Table 1 Characteristics of the n = 20 female participants

Physiological parameters during the muscle damaging exercise task

Capillary oxygen saturation

SpO2 values were only significantly lower in HYP compared to CON during the exercise task compared to baseline, with significant differences between the two conditions (Fig. 2A).

A significant time (p < 0.001, η2partial = 0.80), condition (p < 0.001, η2partial = 0.91) and interaction (p < 0.001, η2partial = 0.76) was found for SpO2.

SpO2 was lower in HYP compared to CON throughout (all p < 0.001) the exercise task (ES1: 71.7 ± 7.7% vs. 96.3 ± 1.9%; ES2: 71.8 ± 6.2% vs. 95.8 ± 1.6%; ES3: 73.0 ± 4.5% vs. 95.7 ± 1.6%; ES4: 74.7 ± 4.5% vs. 95.7 ± 1.1%; ES5: 76.4 ± 3.8% vs. 95.5 ± 1.7%).

Compared to baseline values (96.8 ± 1.6%) in HYP, values were lower (all p < 0.001) within this condition between ES1 and ES5. No within-condition differences (all p > 0.05) were detected in CON between baseline (97.5 ± 1.5%) and ES1 to ES5.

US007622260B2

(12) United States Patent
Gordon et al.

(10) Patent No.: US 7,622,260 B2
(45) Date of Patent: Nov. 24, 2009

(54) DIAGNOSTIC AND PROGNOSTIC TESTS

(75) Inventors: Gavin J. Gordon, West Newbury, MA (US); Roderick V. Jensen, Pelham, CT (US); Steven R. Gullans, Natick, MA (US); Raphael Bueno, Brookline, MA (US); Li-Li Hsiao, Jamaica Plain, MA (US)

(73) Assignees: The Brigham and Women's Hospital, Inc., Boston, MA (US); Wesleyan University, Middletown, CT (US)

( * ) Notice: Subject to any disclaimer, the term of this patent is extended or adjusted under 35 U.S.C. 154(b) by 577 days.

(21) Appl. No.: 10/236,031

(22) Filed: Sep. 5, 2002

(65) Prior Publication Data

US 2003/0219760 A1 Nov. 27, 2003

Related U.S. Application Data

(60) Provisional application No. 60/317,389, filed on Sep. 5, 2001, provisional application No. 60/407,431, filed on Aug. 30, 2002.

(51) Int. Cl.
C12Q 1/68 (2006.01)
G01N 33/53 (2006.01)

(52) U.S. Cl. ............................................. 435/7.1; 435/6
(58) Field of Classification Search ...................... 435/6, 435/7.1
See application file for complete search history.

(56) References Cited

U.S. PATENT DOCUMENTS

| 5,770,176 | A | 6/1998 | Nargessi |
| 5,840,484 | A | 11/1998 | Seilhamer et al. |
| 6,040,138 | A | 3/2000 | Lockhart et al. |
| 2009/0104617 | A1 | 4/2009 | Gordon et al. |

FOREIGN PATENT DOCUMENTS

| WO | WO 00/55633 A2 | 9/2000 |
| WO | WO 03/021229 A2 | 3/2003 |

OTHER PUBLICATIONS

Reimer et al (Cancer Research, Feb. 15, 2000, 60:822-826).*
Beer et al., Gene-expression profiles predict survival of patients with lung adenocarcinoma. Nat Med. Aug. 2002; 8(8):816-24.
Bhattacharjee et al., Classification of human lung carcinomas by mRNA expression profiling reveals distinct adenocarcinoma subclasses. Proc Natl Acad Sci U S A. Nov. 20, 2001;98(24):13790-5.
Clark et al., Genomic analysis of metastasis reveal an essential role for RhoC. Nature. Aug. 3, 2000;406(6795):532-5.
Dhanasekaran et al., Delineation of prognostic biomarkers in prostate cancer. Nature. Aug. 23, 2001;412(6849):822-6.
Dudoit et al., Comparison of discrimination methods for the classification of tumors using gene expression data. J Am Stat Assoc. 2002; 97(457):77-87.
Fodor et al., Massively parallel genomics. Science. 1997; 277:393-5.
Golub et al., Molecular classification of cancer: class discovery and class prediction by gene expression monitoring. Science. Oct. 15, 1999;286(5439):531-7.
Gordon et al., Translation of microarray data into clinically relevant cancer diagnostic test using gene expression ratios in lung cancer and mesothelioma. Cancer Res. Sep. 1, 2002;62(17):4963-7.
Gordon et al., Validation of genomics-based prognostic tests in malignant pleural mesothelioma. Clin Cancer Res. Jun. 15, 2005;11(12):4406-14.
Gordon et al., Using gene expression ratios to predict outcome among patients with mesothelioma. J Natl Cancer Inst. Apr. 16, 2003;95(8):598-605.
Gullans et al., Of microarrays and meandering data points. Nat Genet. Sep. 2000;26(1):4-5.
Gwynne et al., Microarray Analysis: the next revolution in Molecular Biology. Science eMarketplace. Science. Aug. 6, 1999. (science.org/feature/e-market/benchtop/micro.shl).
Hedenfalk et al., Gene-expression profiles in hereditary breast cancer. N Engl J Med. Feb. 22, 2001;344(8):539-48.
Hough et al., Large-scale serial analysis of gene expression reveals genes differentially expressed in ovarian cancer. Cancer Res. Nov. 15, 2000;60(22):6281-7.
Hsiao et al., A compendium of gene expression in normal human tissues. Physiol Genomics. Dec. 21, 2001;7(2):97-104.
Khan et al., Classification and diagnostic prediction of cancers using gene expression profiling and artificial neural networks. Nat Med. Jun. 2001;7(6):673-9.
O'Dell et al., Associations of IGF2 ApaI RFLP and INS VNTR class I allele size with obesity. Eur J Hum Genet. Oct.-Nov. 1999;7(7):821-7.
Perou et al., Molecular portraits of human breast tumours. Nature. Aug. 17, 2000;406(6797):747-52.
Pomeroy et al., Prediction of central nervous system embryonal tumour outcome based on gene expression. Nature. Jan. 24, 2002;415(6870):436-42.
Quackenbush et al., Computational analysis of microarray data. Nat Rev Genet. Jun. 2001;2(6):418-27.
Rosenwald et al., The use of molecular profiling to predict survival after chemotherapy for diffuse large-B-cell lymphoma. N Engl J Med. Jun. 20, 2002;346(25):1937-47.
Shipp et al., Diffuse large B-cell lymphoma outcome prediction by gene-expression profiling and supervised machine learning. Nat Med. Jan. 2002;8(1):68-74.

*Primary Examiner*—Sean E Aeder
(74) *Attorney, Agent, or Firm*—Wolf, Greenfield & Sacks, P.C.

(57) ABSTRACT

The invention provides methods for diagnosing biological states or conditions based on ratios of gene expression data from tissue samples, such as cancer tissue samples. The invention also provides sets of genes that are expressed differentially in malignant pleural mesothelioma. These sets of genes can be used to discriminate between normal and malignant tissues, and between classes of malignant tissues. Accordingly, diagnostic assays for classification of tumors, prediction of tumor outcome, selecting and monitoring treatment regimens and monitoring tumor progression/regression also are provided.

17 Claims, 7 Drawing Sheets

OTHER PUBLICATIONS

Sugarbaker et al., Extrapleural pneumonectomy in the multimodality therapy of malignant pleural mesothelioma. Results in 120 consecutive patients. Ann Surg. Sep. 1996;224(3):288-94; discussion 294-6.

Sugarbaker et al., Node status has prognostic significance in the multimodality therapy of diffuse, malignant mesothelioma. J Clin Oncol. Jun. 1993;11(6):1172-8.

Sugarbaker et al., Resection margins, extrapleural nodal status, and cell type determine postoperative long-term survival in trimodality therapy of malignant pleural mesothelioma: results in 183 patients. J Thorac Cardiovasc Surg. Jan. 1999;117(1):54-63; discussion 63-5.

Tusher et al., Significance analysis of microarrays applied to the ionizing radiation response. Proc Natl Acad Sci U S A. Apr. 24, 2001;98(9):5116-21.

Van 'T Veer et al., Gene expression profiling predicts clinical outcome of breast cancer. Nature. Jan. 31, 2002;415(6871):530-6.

Fig. 2
figure 2

Physiological responses during the exercise task. Results of (A) capillary oxygen saturation (SpO2), (B) muscle oxygen saturation of the right vastus lateralis of the quadriceps femoris muscles (SmO2), (C) heart rate, and (D) core temperature (Tcore) in function of time in the HYP and CON groups. BL baseline, ES exercise-set, aP < 0.001 HYP vs. CON, bP < 0.05 HYP vs. CON, cP < 0.001 HYP compared with baseline, dP < 0.05 HYP compared with baseline, eP < 0.001 CON compared with baseline, fP < 0.05 CON compared with baseline

Muscle oxygenation

SmO2 decreased significantly in HYP during the exercise task compared to baseline, but not in CON (Fig. 2B).